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Working with Aboriginal and Torres Strait Islander peoples

Meeting Communique: Indigenous Advisory Council, 25-26 October 2017

Meeting Communique: Indigenous Advisory Council, 25-26 October 2017

Indigenous Affairs Indigenous Advisory Council
Wednesday, 25 October 2017

Department of the Prime Minister and Cabinet

The members of the Prime Minister’s Indigenous Advisory Council met in Canberra on 25-26 October 2017.

Members welcomed the opportunity to meet with the Prime Minister, the Minister for Indigenous Affairs, the Minister for Education and representatives from departments. Issues discussed included:

  • Support for Indigenous Housing in urban and regional Australia: discussed preliminary analysis of data on housing outcomes for Aboriginal and Torres Strait Islander Australians living in urban and regional Australia which shows Aboriginal and Torres Strait Islander Australians experience poorer housing outcomes than non-Indigenous Australians.  Noted Aboriginal and Torres Strait Islander housing does not have a national peak body to represent views. Also discussed issues in relation to rent assistance and social and community housing.
  • Indigenous Grants Policy: supported the increase in Indigenous organisations already delivering services under the Indigenous Advancement Strategy and considered options to improve the way grant funded services are delivered to Indigenous Australians. Discussed the importance of flexible options to support sustainable growth of the Indigenous estate, and the need for a more equitable approach to sitting fees paid to directors.
  • Community Development Program: noted proposed reforms presented by the Minister and supported the intention to move to local service delivery with a wages based model. The Council raised the importance of considering the community as a whole ecosystem and providing opportunities to train the local workforce, and give careful consideration to what is cultural obligations in the model.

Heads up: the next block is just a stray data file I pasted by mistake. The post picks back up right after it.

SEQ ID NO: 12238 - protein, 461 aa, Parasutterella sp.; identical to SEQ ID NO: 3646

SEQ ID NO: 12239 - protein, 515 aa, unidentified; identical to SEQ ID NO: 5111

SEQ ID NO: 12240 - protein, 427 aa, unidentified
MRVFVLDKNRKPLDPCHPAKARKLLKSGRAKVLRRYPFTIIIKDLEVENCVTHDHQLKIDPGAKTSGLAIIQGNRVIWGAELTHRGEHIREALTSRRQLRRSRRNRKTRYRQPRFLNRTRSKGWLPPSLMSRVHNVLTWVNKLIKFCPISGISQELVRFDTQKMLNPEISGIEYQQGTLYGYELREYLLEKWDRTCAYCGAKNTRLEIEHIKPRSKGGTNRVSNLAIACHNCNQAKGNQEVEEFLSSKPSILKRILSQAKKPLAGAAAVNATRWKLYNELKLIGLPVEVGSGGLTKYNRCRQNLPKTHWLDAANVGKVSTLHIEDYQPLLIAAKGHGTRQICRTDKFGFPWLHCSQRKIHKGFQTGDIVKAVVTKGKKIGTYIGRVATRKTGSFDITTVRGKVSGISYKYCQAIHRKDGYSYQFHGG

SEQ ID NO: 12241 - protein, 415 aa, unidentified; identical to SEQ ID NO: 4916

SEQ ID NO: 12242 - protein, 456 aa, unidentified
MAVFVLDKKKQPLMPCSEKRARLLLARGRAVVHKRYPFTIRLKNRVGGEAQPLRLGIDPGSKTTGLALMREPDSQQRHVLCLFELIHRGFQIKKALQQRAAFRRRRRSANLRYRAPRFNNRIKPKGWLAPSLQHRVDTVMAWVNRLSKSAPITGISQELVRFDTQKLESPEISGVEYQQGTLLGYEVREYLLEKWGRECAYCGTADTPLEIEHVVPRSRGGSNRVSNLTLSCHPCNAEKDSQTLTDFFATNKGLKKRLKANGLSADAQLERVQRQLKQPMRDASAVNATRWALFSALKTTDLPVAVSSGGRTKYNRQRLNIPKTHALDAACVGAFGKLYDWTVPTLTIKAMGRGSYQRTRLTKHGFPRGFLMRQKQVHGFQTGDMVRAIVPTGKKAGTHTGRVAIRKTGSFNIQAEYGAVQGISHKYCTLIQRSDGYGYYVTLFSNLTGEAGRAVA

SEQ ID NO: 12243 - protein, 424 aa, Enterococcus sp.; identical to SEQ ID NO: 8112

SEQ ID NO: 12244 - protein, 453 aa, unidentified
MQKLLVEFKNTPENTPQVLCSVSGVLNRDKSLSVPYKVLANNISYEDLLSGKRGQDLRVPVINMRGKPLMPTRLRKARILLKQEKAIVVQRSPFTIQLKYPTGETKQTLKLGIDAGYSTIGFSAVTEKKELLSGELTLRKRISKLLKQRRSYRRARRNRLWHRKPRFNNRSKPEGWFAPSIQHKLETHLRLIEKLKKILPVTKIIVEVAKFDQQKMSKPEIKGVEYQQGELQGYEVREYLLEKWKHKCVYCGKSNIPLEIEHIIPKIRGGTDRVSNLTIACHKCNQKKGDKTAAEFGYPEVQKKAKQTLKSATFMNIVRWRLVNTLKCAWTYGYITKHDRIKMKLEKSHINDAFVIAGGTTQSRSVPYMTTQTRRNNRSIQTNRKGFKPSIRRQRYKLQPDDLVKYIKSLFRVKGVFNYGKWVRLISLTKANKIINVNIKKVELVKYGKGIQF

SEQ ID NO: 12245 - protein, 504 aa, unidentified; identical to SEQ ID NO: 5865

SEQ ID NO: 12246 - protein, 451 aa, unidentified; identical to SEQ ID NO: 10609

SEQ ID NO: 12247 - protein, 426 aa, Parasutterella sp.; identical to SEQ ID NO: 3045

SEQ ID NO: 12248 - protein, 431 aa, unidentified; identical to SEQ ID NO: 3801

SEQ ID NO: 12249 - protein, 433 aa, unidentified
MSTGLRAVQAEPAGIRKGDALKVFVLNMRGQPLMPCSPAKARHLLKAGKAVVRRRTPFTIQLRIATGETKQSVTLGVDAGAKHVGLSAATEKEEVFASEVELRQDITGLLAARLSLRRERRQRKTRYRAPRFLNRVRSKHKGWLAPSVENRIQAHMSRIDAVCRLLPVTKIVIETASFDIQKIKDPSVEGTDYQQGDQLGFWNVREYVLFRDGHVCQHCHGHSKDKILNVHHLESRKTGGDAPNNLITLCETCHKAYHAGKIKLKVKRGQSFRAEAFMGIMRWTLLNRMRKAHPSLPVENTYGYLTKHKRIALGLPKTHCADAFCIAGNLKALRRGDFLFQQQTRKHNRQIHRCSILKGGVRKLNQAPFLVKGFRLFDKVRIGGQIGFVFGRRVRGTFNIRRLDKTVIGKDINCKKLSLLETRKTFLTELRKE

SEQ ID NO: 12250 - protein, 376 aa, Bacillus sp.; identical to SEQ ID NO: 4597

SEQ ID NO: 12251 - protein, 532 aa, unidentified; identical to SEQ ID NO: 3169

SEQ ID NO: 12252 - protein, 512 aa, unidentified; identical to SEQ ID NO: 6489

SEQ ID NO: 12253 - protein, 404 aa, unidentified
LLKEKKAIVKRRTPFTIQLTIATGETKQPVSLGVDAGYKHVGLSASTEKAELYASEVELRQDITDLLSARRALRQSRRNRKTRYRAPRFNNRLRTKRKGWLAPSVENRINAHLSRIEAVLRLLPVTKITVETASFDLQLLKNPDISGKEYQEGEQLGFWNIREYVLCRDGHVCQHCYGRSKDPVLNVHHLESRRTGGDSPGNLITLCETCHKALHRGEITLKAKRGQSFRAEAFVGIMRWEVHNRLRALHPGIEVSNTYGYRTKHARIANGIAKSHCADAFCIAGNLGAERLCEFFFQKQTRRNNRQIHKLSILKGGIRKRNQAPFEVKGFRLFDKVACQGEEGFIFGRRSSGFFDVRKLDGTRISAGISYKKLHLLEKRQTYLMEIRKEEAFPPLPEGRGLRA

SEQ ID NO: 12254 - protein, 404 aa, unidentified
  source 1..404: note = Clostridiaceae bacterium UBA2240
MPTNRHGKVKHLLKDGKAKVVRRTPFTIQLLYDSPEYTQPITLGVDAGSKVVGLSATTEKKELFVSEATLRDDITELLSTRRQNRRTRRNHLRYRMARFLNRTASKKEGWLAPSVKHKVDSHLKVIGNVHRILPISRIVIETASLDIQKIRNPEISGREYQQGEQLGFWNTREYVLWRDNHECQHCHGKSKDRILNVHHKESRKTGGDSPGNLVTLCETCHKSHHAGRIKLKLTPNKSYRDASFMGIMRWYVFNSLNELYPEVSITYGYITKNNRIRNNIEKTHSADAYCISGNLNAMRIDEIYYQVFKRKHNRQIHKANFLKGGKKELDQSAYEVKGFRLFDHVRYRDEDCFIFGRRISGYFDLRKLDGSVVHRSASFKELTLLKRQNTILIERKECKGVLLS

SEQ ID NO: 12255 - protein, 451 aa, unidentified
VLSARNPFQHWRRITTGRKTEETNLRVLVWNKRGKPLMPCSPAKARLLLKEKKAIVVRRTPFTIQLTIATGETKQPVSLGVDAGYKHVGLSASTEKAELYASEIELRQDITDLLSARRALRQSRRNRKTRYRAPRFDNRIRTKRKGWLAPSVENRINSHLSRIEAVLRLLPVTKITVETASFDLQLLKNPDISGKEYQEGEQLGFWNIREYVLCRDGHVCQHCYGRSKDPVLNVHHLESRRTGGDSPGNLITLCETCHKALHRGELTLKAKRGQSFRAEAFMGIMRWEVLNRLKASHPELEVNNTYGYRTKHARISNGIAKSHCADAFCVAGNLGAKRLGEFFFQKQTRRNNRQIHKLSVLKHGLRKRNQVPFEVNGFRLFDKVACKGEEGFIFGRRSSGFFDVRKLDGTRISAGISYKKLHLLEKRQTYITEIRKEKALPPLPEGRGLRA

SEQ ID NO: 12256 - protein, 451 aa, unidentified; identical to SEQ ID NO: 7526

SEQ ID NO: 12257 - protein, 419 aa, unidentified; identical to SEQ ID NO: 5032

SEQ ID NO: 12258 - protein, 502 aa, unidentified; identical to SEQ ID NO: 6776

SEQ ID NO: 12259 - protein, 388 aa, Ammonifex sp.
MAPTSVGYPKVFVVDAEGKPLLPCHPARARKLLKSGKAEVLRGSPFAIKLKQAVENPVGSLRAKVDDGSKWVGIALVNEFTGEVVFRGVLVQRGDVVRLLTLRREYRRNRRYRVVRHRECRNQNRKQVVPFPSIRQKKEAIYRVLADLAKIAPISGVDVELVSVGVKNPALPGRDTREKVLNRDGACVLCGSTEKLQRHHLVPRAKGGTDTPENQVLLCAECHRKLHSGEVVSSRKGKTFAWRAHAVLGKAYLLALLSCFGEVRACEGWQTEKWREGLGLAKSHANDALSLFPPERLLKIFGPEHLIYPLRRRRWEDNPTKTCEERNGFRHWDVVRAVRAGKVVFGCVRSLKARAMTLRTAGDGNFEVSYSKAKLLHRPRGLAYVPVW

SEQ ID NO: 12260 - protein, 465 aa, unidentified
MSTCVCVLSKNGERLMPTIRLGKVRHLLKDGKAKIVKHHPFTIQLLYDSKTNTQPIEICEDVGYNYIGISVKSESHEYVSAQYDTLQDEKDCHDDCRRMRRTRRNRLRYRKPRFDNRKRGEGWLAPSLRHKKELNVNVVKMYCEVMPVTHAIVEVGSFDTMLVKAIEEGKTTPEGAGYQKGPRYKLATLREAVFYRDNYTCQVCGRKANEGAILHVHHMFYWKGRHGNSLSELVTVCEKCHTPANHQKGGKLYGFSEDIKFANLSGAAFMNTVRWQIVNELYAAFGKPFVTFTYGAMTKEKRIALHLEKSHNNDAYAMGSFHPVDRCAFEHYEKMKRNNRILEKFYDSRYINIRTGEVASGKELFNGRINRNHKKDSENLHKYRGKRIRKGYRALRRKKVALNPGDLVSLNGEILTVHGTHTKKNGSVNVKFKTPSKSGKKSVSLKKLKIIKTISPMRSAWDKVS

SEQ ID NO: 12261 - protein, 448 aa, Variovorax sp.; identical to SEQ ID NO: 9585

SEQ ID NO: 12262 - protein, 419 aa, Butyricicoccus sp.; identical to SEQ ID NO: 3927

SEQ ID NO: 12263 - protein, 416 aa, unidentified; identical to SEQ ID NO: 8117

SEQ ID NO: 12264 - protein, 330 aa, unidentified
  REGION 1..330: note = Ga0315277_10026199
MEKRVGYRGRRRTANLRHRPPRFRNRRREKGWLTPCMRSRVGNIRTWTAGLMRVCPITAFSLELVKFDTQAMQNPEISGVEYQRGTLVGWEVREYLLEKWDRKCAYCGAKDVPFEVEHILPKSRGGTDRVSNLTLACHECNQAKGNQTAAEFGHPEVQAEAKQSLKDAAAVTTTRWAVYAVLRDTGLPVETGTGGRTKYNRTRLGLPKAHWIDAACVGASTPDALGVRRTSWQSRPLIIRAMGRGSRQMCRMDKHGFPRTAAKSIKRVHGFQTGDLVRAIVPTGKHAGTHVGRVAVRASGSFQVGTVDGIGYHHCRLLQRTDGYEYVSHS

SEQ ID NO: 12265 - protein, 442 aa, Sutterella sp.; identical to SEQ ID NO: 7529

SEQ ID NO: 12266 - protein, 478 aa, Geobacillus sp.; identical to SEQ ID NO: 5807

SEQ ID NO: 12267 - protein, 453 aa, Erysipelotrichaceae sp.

• Indigenous Land Corporation: welcomed the consultations on possible reforms to the Aboriginal and Torres Strait Islander Act 2005 (ATSI Act) regarding water related activities and the financial sustainability of the Land Account have concluded and the findings and recommendations are now being considered by Government.
  • Constitutional Recognition: Council was disappointed and surprised to read press reports on the Government’s response to the Referendum Council. The Prime Minister and Minister for Indigenous Affairs shared their disappointment at these media reports. Council reiterated its ongoing support of the key elements of the Uluru statement of a voice, truth telling and agreement making, and supports the Government intention to consider these elements through a parliamentary committee process.
  • Employment and activating local employment opportunities: welcomed advice that work to better harmonise mainstream and Indigenous specific employment programs is being undertaken to better support the most disadvantaged job seekers. The importance of ensuring training for people in the justice system is fit for purpose and aligns with opportunities where they choose to do their parole, and more appropriate parole conditions, were discussed. The effectiveness of the Cadetship program was endorsed. Noted there is no peak Aboriginal and Torres Strait Islander employment body to represent views.